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Cephalalgia. 2018 Aug;38(9):1592-1607. doi: 10.1177/0333102417736902. Epub 2017 Oct 16.

Treatment of acute migraine attacks in children with analgesics on the World Health Organization Essential Medicines List: A systematic review and GRADE evidence synthesis.

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1 Department of Dermatovenerology, General Hospital Zadar, Zadar, Croatia.
2 Laboratory for Pain Research, University of Split School of Medicine, Split, Croatia.
3 Department of Pediatrics, University Hospital Split, Split, Croatia.
4 Department of Pathology, Faculty of Medicine and Surgery, University of Malta, Msida, Malta.
5 Department for Development, Research and Health Technology Assessment, Agency for Quality and Accreditation in Health Care and Social Welfare, Zagreb, Croatia.


Background The World Health Organization Essential Medicines List (WHO EML) contains two analgesics for treatment of acute migraine attacks in children, ibuprofen and paracetamol. Methods The Embase, CDSR, CENTRAL, DARE and MEDLINE databases were searched up to 18 April 2017. We analyzed randomized controlled trials (RCTs) and systematic reviews (SRs) that investigate the efficacy and safety of ibuprofen or paracetamol for treatment of acute migraine attacks in children. We conducted meta-analysis and assessments of evidence with GRADE, Cochrane risk of bias tool, and AMSTAR. Results Three RCTs (201 children) and 10 SRs on ibuprofen and/or paracetamol for acute migraine attacks in children were included. Meta-analysis indicated that ibuprofen was superior to placebo for pain-free at 2 h or pain relief at 2 h, without difference in adverse events. There were no differences between paracetamol and placebo, or ibuprofen and paracetamol. Ten SRs that analyzed various therapies for migraine in children were published between 2004 and 2016, with discordant conclusions. Conclusion Limited data from poor quality RCTs indicate that ibuprofen and paracetamol might be effective analgesics for treating migraine attacks in children. Inclusion of ibuprofen and paracetamol as antimigraine medicines for children in the WHO EML is supported by indirect evidence from studies in adults.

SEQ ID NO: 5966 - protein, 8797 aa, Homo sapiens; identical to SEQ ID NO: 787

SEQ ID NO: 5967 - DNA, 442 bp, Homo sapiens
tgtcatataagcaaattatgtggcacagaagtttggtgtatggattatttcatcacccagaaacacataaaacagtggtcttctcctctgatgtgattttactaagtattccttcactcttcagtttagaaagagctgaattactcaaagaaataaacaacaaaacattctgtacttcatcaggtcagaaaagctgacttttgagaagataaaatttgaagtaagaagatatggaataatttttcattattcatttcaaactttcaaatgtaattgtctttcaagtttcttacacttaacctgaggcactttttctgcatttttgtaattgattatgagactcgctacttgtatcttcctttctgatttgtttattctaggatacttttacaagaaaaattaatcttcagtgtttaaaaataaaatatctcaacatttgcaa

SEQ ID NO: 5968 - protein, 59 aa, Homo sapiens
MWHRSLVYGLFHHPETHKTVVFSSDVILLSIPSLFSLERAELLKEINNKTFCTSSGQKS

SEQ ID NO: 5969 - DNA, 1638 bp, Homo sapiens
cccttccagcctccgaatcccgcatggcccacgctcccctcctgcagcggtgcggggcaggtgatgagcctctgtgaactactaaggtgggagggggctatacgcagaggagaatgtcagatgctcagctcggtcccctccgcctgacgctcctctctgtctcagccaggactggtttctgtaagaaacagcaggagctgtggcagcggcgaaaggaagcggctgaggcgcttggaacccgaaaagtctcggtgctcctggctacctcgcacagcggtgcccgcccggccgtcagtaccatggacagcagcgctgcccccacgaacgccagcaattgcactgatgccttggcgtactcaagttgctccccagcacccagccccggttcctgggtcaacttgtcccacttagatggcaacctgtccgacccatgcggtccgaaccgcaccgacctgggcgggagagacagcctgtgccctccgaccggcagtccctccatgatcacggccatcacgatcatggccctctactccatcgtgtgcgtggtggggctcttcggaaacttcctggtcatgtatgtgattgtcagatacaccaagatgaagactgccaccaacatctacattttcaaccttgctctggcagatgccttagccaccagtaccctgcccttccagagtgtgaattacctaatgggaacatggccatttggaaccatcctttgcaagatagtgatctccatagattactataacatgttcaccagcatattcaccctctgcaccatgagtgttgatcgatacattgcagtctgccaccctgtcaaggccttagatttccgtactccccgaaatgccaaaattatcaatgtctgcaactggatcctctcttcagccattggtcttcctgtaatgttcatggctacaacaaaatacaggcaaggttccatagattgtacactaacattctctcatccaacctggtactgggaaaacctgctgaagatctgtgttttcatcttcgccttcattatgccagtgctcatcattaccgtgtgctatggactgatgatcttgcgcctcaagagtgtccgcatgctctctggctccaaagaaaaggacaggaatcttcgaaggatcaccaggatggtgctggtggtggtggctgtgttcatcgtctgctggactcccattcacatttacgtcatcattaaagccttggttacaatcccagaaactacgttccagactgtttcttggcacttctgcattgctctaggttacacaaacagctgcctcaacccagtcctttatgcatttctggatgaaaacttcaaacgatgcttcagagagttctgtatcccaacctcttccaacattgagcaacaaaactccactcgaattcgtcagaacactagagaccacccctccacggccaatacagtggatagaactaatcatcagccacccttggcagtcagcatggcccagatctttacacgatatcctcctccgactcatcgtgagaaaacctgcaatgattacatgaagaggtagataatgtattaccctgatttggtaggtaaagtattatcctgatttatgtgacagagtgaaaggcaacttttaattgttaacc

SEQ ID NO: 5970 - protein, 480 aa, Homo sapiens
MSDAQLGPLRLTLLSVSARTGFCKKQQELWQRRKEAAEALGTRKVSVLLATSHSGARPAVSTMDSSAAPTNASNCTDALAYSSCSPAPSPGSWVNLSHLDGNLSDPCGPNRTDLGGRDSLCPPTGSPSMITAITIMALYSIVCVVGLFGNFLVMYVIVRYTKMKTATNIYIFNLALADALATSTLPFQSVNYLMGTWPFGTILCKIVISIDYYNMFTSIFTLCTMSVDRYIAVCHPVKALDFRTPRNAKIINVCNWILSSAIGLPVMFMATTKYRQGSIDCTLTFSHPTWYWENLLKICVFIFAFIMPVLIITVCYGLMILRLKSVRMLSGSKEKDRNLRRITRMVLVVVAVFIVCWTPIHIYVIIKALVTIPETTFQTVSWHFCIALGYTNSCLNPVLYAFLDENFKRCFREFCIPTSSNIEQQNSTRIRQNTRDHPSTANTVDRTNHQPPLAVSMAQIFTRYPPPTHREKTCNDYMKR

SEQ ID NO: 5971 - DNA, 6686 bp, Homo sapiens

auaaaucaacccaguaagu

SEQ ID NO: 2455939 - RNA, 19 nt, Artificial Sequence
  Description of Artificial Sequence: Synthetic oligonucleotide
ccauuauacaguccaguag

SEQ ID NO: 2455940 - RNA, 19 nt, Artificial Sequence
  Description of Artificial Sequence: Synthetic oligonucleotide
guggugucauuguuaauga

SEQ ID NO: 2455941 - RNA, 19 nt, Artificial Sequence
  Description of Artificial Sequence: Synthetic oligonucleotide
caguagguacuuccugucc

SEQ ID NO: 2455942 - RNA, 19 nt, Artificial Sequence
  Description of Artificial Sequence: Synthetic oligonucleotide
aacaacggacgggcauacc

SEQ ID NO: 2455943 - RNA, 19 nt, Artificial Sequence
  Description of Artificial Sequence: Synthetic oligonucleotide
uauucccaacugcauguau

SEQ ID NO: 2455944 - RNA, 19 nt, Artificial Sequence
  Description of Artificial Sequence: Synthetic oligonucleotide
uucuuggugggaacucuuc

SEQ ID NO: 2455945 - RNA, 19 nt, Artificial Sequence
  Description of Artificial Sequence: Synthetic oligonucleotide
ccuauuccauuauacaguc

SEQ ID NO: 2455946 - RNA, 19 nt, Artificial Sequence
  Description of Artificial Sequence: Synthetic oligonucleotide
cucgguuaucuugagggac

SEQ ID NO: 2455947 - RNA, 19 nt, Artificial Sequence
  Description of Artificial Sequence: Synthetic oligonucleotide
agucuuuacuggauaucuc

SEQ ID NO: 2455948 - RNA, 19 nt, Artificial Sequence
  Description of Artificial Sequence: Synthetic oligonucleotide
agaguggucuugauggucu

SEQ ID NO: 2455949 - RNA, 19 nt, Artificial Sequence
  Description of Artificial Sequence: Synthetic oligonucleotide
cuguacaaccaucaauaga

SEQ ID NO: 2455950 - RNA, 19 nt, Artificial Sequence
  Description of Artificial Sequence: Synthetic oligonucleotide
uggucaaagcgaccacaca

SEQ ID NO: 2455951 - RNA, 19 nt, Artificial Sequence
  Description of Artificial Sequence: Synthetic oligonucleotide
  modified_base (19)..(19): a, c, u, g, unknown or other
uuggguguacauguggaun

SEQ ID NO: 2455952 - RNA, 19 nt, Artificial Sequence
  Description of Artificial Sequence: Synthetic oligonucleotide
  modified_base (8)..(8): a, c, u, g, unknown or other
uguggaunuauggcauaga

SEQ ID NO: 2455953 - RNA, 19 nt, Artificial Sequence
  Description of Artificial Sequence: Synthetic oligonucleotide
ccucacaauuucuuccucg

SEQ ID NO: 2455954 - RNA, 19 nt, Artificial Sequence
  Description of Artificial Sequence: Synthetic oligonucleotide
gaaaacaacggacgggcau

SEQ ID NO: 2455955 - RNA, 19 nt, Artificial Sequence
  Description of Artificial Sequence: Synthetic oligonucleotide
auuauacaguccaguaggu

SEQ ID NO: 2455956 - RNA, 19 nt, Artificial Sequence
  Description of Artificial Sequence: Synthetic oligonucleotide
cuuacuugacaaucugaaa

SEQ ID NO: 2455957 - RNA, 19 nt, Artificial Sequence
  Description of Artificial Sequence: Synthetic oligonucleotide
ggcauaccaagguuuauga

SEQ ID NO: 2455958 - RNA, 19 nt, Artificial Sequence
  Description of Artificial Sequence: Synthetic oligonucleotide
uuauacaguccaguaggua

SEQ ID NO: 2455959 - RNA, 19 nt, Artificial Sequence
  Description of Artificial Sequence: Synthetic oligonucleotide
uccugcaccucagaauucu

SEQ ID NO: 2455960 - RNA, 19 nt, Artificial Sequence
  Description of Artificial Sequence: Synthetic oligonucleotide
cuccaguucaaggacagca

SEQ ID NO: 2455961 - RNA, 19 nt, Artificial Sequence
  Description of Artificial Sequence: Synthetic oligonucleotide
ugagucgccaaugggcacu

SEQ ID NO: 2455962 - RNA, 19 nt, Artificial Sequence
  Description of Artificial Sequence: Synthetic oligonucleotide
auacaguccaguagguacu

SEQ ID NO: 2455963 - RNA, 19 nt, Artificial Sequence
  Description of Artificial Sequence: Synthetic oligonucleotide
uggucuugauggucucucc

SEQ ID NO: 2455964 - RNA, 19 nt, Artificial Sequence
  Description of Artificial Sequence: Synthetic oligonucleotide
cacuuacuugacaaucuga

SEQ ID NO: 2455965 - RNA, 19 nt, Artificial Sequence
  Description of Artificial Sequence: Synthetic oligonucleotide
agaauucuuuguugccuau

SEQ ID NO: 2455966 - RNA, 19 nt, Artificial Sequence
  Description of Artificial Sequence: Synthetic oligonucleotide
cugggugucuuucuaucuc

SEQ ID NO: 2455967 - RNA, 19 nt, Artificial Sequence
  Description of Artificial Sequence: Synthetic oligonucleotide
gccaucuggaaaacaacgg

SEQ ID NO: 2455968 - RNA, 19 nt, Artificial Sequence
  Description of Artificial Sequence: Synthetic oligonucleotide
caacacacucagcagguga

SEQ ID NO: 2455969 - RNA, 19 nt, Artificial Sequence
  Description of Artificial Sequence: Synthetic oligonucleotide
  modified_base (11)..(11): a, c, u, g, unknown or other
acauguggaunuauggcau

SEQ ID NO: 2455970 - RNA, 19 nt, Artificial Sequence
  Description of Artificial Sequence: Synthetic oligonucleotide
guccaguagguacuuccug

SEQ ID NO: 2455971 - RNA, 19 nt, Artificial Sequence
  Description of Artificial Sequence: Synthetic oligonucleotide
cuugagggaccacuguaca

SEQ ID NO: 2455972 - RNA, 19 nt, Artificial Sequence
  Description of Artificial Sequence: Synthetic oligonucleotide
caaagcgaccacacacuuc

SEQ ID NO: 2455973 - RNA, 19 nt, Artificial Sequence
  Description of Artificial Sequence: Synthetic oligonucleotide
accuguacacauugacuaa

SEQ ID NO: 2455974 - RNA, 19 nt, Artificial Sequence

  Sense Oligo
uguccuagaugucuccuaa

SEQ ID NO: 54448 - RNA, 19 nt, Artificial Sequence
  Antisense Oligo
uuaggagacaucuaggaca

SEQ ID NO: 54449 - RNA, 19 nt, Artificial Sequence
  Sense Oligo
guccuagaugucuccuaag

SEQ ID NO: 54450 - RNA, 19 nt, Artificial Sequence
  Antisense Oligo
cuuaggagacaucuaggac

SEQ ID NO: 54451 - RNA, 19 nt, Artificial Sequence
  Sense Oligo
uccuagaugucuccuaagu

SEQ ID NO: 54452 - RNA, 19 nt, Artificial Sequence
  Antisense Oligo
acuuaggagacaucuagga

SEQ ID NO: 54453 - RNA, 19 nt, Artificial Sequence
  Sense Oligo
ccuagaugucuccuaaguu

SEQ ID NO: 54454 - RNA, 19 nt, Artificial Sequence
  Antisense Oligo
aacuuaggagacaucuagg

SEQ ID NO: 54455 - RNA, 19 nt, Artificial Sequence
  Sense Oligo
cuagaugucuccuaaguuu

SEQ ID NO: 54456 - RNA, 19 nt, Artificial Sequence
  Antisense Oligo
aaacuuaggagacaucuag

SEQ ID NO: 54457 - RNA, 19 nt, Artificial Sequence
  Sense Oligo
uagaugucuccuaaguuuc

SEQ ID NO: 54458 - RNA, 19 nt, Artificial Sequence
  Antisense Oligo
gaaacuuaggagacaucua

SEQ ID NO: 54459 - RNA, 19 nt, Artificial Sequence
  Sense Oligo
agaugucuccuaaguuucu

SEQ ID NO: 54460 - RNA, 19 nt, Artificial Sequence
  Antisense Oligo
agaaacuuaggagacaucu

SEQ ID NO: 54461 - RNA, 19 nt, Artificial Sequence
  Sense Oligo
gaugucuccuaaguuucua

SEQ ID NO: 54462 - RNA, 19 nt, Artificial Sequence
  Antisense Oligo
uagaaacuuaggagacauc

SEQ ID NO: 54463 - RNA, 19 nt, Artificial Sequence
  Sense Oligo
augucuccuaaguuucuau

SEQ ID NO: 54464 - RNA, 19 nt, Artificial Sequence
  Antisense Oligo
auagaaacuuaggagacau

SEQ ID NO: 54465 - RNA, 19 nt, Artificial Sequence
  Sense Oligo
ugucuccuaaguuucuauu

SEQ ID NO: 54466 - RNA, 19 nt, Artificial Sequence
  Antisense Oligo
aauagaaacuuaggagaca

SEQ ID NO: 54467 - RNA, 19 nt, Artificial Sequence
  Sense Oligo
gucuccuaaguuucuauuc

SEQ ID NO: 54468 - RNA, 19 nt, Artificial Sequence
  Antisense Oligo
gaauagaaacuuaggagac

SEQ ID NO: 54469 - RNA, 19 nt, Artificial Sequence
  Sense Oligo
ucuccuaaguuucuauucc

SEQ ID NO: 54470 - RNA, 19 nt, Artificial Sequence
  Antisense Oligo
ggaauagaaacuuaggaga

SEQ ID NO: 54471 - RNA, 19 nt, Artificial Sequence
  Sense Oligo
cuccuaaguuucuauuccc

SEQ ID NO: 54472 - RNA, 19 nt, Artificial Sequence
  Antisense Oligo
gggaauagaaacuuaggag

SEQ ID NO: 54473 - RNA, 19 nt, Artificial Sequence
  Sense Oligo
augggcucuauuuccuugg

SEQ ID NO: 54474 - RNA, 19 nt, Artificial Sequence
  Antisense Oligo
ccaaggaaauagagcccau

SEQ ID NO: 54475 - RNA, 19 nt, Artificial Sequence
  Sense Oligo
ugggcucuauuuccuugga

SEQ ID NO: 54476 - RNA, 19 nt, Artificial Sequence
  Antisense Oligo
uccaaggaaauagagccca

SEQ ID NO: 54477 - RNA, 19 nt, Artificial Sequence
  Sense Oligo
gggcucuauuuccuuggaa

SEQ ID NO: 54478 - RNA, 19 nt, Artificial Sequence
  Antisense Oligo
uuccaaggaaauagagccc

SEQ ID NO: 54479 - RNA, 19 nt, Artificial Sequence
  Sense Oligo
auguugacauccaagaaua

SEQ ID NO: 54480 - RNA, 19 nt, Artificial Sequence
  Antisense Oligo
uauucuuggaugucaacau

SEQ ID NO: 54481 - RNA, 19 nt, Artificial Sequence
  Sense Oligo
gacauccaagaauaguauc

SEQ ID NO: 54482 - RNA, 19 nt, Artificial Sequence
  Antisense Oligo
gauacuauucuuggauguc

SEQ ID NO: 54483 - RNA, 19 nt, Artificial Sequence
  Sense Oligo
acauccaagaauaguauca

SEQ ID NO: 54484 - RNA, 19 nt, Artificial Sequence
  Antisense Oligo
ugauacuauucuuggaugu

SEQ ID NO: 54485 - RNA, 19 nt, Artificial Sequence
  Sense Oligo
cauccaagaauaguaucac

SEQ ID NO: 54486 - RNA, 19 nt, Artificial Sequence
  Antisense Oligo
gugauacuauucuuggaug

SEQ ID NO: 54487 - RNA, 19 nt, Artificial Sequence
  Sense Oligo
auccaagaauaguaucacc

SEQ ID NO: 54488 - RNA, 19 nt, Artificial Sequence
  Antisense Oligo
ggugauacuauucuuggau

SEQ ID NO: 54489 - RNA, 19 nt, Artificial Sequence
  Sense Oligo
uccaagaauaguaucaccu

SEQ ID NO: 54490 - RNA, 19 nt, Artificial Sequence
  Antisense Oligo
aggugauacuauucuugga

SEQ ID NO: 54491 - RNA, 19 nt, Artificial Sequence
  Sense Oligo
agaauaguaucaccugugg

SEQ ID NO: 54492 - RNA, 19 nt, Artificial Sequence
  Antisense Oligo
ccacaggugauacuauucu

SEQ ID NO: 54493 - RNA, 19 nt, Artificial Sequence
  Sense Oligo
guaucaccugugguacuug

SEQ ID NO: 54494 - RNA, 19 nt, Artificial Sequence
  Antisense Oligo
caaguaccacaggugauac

Essential Medicines List Protocol registration in PROSPERO: CRD42016033083 and CRD42016033297; Ibuprofen; World Health Organization; children; migraine; paracetamol


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